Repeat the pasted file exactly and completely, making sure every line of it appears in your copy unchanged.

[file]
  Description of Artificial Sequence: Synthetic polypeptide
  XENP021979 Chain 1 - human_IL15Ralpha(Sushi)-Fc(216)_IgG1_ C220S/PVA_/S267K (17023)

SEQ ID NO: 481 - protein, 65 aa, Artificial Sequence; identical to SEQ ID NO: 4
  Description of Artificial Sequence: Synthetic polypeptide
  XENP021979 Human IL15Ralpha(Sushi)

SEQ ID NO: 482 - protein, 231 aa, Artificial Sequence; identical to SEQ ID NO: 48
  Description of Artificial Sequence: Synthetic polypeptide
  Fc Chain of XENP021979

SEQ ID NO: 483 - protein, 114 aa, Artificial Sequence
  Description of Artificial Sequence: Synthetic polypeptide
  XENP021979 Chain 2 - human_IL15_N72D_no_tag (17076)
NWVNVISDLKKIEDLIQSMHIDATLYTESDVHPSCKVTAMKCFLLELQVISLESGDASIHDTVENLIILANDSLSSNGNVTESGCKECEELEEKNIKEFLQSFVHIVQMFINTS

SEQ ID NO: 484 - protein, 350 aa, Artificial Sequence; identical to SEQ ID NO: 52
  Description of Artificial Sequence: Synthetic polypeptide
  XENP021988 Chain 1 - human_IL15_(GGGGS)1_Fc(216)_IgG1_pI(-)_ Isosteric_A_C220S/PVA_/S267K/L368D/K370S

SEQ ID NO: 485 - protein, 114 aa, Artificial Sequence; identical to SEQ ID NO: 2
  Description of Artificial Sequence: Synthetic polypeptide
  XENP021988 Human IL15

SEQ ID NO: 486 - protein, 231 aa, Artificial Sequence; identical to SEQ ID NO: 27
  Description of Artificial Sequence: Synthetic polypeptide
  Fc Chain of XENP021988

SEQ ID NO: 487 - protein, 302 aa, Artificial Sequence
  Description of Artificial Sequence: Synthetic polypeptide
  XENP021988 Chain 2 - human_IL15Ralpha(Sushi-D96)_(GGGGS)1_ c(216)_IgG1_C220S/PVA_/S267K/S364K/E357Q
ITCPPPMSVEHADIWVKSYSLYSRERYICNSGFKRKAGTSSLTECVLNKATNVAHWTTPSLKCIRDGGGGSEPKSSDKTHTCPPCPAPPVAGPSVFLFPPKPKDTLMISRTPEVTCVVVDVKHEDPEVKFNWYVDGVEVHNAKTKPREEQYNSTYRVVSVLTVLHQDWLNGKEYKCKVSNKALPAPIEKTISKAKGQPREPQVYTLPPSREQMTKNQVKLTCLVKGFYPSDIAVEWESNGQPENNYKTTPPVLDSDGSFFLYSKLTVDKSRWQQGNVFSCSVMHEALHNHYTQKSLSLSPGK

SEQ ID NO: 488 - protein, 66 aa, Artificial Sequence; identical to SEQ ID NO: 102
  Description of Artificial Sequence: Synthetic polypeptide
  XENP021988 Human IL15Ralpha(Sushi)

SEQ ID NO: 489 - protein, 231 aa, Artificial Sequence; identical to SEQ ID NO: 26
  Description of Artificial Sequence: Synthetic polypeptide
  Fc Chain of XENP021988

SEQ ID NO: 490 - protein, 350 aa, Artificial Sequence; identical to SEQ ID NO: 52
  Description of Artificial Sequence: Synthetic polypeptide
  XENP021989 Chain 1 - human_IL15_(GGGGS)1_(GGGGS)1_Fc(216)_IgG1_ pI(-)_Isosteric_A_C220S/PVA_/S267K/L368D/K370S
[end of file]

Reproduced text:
  Description of Artificial Sequence: Synthetic polypeptide
  XENP021979 Chain 1 - human_IL15Ralpha(Sushi)-Fc(216)_IgG1_ C220S/PVA_/S267K (17023)

SEQ ID NO: 481 - protein, 65 aa, Artificial Sequence; identical to SEQ ID NO: 4
  Description of Artificial Sequence: Synthetic polypeptide
  XENP021979 Human IL15Ralpha(Sushi)

SEQ ID NO: 482 - protein, 231 aa, Artificial Sequence; identical to SEQ ID NO: 48
  Description of Artificial Sequence: Synthetic polypeptide
  Fc Chain of XENP021979

SEQ ID NO: 483 - protein, 114 aa, Artificial Sequence
  Description of Artificial Sequence: Synthetic polypeptide
  XENP021979 Chain 2 - human_IL15_N72D_no_tag (17076)
NWVNVISDLKKIEDLIQSMHIDATLYTESDVHPSCKVTAMKCFLLELQVISLESGDASIHDTVENLIILANDSLSSNGNVTESGCKECEELEEKNIKEFLQSFVHIVQMFINTS

SEQ ID NO: 484 - protein, 350 aa, Artificial Sequence; identical to SEQ ID NO: 52
  Description of Artificial Sequence: Synthetic polypeptide
  XENP021988 Chain 1 - human_IL15_(GGGGS)1_Fc(216)_IgG1_pI(-)_ Isosteric_A_C220S/PVA_/S267K/L368D/K370S

SEQ ID NO: 485 - protein, 114 aa, Artificial Sequence; identical to SEQ ID NO: 2
  Description of Artificial Sequence: Synthetic polypeptide
  XENP021988 Human IL15

SEQ ID NO: 486 - protein, 231 aa, Artificial Sequence; identical to SEQ ID NO: 27
  Description of Artificial Sequence: Synthetic polypeptide
  Fc Chain of XENP021988

SEQ ID NO: 487 - protein, 302 aa, Artificial Sequence
  Description of Artificial Sequence: Synthetic polypeptide
  XENP021988 Chain 2 - human_IL15Ralpha(Sushi-D96)_(GGGGS)1_ c(216)_IgG1_C220S/PVA_/S267K/S364K/E357Q
ITCPPPMSVEHADIWVKSYSLYSRERYICNSGFKRKAGTSSLTECVLNKATNVAHWTTPSLKCIRDGGGGSEPKSSDKTHTCPPCPAPPVAGPSVFLFPPKPKDTLMISRTPEVTCVVVDVKHEDPEVKFNWYVDGVEVHNAKTKPREEQYNSTYRVVSVLTVLHQDWLNGKEYKCKVSNKALPAPIEKTISKAKGQPREPQVYTLPPSREQMTKNQVKLTCLVKGFYPSDIAVEWESNGQPENNYKTTPPVLDSDGSFFLYSKLTVDKSRWQQGNVFSCSVMHEALHNHYTQKSLSLSPGK

SEQ ID NO: 488 - protein, 66 aa, Artificial Sequence; identical to SEQ ID NO: 102
  Description of Artificial Sequence: Synthetic polypeptide
  XENP021988 Human IL15Ralpha(Sushi)

SEQ ID NO: 489 - protein, 231 aa, Artificial Sequence; identical to SEQ ID NO: 26
  Description of Artificial Sequence: Synthetic polypeptide
  Fc Chain of XENP021988

SEQ ID NO: 490 - protein, 350 aa, Artificial Sequence; identical to SEQ ID NO: 52
  Description of Artificial Sequence: Synthetic polypeptide
  XENP021989 Chain 1 - human_IL15_(GGGGS)1_(GGGGS)1_Fc(216)_IgG1_ pI(-)_Isosteric_A_C220S/PVA_/S267K/L368D/K370S